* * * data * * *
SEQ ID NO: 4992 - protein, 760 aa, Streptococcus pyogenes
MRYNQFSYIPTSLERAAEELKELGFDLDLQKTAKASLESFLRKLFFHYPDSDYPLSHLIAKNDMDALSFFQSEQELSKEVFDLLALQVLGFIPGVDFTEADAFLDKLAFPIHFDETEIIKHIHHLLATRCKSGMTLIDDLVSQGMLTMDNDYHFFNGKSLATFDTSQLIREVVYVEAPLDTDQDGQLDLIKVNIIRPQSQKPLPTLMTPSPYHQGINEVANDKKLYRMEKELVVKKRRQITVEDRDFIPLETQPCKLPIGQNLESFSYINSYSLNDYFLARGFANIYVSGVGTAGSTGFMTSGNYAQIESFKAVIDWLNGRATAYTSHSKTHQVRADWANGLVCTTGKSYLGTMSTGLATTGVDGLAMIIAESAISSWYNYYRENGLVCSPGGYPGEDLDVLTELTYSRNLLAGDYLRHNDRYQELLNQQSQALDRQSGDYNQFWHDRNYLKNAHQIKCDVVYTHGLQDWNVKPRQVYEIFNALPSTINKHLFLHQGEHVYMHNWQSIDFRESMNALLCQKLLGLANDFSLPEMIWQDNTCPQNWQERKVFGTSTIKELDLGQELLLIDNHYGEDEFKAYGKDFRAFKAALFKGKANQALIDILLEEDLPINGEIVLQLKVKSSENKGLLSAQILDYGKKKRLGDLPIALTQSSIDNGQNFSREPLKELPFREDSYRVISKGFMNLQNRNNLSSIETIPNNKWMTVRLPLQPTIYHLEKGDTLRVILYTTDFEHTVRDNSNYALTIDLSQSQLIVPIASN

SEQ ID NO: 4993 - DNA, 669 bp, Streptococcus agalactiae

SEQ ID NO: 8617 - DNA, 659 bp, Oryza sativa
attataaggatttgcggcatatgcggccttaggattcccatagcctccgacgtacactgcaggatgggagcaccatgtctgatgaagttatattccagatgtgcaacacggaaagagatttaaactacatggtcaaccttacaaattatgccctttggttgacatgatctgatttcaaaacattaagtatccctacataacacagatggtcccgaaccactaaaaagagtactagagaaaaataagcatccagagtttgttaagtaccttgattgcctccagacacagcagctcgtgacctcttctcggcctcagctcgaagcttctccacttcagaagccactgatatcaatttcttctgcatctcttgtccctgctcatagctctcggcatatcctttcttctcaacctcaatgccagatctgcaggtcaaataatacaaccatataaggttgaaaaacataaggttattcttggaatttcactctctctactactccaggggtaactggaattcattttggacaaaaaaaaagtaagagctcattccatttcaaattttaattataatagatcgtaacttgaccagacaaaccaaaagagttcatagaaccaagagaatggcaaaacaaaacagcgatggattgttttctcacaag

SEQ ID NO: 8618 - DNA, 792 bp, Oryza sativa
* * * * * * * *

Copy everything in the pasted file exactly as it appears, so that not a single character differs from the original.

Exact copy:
SEQ ID NO: 4992 - protein, 760 aa, Streptococcus pyogenes
MRYNQFSYIPTSLERAAEELKELGFDLDLQKTAKASLESFLRKLFFHYPDSDYPLSHLIAKNDMDALSFFQSEQELSKEVFDLLALQVLGFIPGVDFTEADAFLDKLAFPIHFDETEIIKHIHHLLATRCKSGMTLIDDLVSQGMLTMDNDYHFFNGKSLATFDTSQLIREVVYVEAPLDTDQDGQLDLIKVNIIRPQSQKPLPTLMTPSPYHQGINEVANDKKLYRMEKELVVKKRRQITVEDRDFIPLETQPCKLPIGQNLESFSYINSYSLNDYFLARGFANIYVSGVGTAGSTGFMTSGNYAQIESFKAVIDWLNGRATAYTSHSKTHQVRADWANGLVCTTGKSYLGTMSTGLATTGVDGLAMIIAESAISSWYNYYRENGLVCSPGGYPGEDLDVLTELTYSRNLLAGDYLRHNDRYQELLNQQSQALDRQSGDYNQFWHDRNYLKNAHQIKCDVVYTHGLQDWNVKPRQVYEIFNALPSTINKHLFLHQGEHVYMHNWQSIDFRESMNALLCQKLLGLANDFSLPEMIWQDNTCPQNWQERKVFGTSTIKELDLGQELLLIDNHYGEDEFKAYGKDFRAFKAALFKGKANQALIDILLEEDLPINGEIVLQLKVKSSENKGLLSAQILDYGKKKRLGDLPIALTQSSIDNGQNFSREPLKELPFREDSYRVISKGFMNLQNRNNLSSIETIPNNKWMTVRLPLQPTIYHLEKGDTLRVILYTTDFEHTVRDNSNYALTIDLSQSQLIVPIASN

SEQ ID NO: 4993 - DNA, 669 bp, Streptococcus agalactiae

SEQ ID NO: 8617 - DNA, 659 bp, Oryza sativa
attataaggatttgcggcatatgcggccttaggattcccatagcctccgacgtacactgcaggatgggagcaccatgtctgatgaagttatattccagatgtgcaacacggaaagagatttaaactacatggtcaaccttacaaattatgccctttggttgacatgatctgatttcaaaacattaagtatccctacataacacagatggtcccgaaccactaaaaagagtactagagaaaaataagcatccagagtttgttaagtaccttgattgcctccagacacagcagctcgtgacctcttctcggcctcagctcgaagcttctccacttcagaagccactgatatcaatttcttctgcatctcttgtccctgctcatagctctcggcatatcctttcttctcaacctcaatgccagatctgcaggtcaaataatacaaccatataaggttgaaaaacataaggttattcttggaatttcactctctctactactccaggggtaactggaattcattttggacaaaaaaaaagtaagagctcattccatttcaaattttaattataatagatcgtaacttgaccagacaaaccaaaagagttcatagaaccaagagaatggcaaaacaaaacagcgatggattgttttctcacaag

SEQ ID NO: 8618 - DNA, 792 bp, Oryza sativa